London, England | April 6, 2020 - The inaugural FT Americas ranking comes at a perilous and uncertain time for many companies, as the coronavirus severely curtails economies, workforces and ultimately growth.
Yet the ranking also highlights 500 businesses across the continent for whom innovation and creativity have paid off — attributes that will underpin resilience and enable many of them to thrive once the worst effects of the pandemic are behind them.
The FT list was compiled with Statista, a research company, and ranks entrants from across the Americas by compound annual growth rate (CAGR) in revenue between 2015 and 2018.
The technology sector, led overwhelmingly by the US, accounts for a quarter of the overall list, followed by support services (9 per cent) and financial services (7 per cent). The ranking is not a reflection of the size of each country’s economy, but rather a function of the dynamism of a given market and, importantly, the willingness of its companies to be candid with their results. Brazil, for instance, featured fewer companies on the ranking than Colombia. Nearly nine in 10 on the overall list hail from the US and Canada alone.
The top three companies include a developer of augmented reality and video games, a robotics and artificial intelligence company and an advertising business that enables publishers to auction online ad space in real-time. None of these companies — all from the US — had a 2015-18 compound annual growth rate below 600 per cent.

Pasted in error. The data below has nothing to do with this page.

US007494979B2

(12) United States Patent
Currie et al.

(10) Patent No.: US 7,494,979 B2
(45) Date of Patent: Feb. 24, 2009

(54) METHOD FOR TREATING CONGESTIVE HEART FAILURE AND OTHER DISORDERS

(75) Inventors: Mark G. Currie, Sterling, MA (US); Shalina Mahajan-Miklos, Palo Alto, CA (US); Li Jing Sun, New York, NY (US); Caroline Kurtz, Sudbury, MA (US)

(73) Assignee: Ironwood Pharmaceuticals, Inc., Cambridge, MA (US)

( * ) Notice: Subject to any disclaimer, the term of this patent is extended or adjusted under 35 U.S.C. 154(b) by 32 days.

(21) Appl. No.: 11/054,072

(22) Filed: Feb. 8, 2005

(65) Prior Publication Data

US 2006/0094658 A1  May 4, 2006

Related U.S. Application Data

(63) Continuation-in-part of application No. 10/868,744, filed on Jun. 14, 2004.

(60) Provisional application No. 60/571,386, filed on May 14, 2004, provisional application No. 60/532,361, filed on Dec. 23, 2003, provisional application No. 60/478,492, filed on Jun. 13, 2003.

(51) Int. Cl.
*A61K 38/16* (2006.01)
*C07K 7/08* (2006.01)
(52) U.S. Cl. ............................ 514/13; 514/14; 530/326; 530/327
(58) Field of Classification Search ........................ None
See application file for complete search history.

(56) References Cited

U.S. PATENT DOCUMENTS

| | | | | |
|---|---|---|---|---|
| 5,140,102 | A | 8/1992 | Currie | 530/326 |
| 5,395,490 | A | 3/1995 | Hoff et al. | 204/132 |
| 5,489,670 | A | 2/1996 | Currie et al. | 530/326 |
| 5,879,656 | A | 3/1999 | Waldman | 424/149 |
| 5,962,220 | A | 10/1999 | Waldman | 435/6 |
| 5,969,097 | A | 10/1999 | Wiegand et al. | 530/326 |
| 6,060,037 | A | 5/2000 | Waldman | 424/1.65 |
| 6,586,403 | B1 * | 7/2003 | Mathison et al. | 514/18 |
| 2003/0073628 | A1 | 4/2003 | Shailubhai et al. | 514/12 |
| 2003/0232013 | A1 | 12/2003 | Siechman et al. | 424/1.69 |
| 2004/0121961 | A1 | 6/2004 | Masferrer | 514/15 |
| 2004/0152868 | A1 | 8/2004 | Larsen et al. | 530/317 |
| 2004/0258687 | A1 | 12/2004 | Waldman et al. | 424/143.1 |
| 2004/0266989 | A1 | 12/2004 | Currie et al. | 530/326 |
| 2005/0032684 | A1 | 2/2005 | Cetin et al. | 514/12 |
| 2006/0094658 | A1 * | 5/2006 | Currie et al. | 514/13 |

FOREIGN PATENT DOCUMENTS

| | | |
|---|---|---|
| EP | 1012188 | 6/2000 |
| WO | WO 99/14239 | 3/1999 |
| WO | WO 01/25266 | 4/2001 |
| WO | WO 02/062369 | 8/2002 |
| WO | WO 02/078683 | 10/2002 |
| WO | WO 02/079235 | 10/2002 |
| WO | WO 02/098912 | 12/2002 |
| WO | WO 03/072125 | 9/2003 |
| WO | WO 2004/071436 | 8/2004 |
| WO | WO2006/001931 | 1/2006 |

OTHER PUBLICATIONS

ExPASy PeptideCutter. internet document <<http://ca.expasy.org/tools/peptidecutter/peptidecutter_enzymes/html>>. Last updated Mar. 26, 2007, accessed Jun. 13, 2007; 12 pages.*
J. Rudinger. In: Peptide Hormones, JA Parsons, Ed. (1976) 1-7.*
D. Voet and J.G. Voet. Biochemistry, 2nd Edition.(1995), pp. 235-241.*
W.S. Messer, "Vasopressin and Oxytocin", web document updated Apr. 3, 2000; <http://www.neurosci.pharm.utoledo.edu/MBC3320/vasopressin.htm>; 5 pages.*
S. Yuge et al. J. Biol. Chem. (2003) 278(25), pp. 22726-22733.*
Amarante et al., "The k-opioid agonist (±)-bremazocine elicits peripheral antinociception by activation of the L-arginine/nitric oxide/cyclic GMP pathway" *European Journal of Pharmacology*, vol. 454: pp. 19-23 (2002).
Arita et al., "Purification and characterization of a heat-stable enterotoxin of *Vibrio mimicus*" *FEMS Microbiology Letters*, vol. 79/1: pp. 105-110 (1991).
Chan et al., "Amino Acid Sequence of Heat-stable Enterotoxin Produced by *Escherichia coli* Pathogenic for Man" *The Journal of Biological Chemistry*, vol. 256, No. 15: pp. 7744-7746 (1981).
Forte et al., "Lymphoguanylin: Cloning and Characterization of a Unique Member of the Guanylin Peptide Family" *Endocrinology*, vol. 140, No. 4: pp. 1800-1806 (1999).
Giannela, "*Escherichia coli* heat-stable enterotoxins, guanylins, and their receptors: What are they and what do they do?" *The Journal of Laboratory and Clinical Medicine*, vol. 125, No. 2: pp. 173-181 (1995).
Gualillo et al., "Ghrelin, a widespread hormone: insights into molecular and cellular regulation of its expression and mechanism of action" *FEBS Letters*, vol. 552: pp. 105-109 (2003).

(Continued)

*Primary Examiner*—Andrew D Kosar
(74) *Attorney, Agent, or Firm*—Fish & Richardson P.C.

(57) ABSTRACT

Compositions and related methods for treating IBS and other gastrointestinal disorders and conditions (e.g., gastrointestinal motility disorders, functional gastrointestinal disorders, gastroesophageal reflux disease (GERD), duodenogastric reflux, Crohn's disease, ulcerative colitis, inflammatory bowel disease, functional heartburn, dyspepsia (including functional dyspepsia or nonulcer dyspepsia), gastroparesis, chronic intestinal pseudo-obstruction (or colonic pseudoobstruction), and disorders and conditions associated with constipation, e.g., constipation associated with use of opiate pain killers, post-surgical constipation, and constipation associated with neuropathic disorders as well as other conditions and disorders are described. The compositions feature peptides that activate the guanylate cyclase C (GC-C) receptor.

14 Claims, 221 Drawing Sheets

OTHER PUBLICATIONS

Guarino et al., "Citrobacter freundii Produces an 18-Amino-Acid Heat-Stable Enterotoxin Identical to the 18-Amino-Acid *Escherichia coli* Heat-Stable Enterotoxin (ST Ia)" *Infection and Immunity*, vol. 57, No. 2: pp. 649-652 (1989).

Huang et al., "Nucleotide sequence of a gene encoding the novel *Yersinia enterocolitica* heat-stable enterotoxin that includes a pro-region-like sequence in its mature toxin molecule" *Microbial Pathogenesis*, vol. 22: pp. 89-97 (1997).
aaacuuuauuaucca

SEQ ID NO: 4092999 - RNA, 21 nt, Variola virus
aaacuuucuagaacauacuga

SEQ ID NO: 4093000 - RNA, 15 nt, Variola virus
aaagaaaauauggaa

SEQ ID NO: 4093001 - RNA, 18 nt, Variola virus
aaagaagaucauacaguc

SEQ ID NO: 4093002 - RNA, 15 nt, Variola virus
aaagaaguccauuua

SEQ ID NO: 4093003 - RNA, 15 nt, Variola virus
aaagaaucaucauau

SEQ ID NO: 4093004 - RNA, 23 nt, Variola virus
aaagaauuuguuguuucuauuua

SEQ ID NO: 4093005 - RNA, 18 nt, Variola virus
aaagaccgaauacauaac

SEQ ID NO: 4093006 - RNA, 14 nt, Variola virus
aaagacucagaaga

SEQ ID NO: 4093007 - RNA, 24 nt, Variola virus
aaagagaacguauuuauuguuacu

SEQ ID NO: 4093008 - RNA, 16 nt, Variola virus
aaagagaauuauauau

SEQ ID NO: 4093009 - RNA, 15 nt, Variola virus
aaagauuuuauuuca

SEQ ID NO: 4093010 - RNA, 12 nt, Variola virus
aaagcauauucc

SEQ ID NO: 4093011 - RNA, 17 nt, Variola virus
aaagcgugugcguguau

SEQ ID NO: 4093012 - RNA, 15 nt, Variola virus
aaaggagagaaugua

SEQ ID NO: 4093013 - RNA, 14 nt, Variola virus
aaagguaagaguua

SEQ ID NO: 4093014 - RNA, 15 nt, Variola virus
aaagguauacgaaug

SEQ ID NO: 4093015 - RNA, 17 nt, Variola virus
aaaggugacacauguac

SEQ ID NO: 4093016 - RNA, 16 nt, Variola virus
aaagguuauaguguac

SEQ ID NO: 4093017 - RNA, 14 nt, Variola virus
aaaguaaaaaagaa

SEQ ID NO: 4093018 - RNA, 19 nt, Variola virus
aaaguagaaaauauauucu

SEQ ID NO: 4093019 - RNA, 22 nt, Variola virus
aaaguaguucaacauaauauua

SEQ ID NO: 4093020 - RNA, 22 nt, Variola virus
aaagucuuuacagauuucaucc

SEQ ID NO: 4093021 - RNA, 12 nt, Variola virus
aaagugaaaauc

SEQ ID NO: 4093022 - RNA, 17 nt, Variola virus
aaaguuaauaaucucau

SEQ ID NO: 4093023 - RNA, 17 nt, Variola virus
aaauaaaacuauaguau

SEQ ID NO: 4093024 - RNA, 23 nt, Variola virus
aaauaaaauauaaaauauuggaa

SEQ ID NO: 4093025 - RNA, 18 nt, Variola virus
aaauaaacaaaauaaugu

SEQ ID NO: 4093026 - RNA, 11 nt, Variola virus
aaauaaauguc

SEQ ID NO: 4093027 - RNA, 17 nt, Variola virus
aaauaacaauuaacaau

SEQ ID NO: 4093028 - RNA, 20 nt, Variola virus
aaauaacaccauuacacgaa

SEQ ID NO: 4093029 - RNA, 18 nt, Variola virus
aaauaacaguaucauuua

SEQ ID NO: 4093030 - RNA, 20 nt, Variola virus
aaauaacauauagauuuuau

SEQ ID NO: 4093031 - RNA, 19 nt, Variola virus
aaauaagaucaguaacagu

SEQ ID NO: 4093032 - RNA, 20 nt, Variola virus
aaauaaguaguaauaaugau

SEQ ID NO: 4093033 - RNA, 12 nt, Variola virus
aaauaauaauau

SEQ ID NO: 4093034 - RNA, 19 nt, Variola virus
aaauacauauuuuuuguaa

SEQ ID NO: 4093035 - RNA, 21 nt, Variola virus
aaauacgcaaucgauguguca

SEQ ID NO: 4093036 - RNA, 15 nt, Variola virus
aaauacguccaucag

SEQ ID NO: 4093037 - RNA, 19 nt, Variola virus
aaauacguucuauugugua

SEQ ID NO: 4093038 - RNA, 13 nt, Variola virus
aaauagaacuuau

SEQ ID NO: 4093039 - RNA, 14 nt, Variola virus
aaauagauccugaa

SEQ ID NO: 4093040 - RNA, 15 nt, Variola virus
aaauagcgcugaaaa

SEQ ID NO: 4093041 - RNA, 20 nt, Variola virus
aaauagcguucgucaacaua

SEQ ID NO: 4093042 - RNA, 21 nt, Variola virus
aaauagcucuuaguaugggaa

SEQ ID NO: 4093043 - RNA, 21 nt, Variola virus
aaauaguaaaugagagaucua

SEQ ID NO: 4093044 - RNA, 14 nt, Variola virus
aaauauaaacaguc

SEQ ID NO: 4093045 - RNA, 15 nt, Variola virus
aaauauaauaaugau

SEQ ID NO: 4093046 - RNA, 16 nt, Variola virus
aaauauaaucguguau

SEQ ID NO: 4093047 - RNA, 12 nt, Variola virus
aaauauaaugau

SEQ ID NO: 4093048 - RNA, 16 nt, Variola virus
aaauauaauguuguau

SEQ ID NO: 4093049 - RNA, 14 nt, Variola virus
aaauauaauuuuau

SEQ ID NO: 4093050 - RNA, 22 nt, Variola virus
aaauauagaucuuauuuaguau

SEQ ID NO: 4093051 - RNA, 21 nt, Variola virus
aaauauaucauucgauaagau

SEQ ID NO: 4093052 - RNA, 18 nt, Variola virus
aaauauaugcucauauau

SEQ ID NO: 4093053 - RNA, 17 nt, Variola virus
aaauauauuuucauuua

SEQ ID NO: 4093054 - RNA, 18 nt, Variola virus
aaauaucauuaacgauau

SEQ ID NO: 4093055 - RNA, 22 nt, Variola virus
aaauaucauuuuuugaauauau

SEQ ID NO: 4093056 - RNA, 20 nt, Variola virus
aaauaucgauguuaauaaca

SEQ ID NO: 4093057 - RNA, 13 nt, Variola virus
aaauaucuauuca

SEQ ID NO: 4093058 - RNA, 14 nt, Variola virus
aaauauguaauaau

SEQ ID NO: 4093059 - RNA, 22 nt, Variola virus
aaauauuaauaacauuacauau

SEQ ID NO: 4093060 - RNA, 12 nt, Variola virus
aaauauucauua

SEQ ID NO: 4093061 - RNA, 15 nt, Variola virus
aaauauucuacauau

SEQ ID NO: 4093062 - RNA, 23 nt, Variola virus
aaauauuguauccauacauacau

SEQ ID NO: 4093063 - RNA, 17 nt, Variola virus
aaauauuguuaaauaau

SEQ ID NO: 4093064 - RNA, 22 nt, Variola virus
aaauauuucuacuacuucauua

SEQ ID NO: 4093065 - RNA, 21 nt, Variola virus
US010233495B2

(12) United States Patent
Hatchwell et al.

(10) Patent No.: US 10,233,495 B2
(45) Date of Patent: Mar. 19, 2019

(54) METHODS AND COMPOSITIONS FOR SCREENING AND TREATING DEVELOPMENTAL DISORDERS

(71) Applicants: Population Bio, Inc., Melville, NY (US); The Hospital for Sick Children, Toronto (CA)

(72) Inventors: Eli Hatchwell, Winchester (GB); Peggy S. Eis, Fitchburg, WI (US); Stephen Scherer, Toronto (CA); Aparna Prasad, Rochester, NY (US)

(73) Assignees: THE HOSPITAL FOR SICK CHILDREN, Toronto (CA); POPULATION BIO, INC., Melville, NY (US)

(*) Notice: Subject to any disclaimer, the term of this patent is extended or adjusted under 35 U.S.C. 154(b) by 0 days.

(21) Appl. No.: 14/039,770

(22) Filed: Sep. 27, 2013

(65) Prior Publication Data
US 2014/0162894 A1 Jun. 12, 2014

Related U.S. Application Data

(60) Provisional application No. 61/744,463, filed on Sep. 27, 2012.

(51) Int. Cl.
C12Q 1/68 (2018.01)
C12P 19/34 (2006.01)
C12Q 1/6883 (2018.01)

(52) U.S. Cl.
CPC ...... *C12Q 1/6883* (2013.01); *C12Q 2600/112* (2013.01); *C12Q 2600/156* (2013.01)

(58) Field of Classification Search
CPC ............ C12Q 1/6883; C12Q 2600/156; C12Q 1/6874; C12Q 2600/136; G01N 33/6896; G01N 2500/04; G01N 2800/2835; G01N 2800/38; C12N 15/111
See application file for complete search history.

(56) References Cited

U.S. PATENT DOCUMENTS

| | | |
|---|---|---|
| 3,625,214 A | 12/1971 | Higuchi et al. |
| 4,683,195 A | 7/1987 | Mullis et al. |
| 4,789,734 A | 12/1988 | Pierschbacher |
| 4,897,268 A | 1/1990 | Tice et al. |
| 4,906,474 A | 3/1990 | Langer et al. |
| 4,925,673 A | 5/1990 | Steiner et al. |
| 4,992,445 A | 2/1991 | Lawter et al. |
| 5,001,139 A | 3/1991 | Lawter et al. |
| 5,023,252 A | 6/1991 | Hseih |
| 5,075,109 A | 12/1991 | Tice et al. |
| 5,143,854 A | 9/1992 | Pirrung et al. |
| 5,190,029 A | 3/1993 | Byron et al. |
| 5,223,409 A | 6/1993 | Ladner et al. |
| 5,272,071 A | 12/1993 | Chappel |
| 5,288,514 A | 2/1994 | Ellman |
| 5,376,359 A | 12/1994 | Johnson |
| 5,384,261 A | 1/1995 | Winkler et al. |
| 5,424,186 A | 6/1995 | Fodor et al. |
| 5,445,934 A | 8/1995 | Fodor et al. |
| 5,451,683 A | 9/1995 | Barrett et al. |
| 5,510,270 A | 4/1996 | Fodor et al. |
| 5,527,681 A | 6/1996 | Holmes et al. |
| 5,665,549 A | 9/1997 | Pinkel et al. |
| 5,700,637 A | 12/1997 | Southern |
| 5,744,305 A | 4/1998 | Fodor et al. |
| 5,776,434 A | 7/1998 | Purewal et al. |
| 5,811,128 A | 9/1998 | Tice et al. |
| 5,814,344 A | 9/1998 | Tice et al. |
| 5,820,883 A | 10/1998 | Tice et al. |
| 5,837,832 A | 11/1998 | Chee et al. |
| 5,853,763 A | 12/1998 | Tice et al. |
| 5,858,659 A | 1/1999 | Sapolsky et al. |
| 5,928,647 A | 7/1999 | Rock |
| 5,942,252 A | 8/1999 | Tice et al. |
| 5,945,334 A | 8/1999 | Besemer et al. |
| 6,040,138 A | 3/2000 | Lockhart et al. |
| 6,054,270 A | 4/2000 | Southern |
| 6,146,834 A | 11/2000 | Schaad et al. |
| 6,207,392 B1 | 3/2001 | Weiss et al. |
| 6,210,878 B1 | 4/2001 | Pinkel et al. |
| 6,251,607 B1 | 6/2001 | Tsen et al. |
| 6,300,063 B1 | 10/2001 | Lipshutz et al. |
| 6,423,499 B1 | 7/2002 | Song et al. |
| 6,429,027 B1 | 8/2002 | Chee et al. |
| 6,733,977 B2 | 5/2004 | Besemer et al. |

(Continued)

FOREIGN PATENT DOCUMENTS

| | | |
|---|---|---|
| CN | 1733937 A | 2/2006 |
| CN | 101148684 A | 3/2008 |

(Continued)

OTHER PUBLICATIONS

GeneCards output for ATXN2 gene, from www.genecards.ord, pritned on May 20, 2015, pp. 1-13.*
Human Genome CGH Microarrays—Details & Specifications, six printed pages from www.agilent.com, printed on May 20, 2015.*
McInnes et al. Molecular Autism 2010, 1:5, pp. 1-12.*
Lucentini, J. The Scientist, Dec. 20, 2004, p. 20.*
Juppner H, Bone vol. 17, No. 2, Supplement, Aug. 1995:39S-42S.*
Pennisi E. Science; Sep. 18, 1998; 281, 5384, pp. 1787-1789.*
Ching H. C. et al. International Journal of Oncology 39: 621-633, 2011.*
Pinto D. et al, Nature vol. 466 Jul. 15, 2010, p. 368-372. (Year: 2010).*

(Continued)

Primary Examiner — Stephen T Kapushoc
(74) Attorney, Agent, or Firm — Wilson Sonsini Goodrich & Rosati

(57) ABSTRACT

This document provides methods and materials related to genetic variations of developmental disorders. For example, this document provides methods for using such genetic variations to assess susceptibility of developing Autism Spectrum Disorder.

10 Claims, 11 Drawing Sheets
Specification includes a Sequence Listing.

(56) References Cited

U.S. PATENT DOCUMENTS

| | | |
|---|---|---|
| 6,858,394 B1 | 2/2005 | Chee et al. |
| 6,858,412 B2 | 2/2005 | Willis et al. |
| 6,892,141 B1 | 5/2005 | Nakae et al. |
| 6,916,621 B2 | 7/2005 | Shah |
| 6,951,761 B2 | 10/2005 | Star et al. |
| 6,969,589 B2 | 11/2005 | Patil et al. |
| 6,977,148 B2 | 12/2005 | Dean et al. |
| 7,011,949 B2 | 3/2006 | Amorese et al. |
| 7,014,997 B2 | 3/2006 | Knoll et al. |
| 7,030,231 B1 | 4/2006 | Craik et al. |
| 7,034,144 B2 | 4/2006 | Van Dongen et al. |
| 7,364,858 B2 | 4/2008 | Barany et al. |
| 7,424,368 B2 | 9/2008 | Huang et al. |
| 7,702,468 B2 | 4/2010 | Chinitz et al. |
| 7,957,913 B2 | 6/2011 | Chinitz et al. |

The full report featuring case studies and analysis from this year’s ranking will be published in print and on newsstands on May 12.
So what insights can be gleaned from focusing on businesses that have been growing at hyper speed — especially when the coronavirus pandemic has just thrown economies across the globe into unprecedented turmoil, and even strong companies fear for their survival?
Readers can use the toggles at the top of the table’s columns to filter by country, sector or revenue, helping to sharpen their impression of where high-growth businesses have flourished most. Investors can use the list as they research which companies are likely to prove resilient over the next couple of years.
Switch from CAGR to 2018 revenues, for instance, and household names such a Tesla, Netflix, Uber and PayPal rise to the top of the table. These established businesses are also among a group of just 36 of the overall 500 that are listed on an exchange.
As a sizeable chunk of fast-growing companies tend to be privately held and detailed financial information not made public, a ranking such as this can never claim to be complete. Yet the fact that about 90 per cent of the companies featured here are unlisted — and that the screening process was rigorous (please refer to the methodology below the table) — means the ranking offers readers a glimpse into the black box that is private companies.
"We're very proud to be included with some of these very prestigious companies. Our hard work and persistence continues to bode well for us. And we've learned from a lot of our past failures and mistakes and continue to make improvements everyday. I've always suffered from imposter syndrome to some degree, and the inclusion in this list has definitely exacerbated it," says Cory Lewis, President/CEO.
T. C. Lewis & Co. is ranked number 36 in the Americas. See the complete list and article at this link and in the Financial Times on newsstands May 12.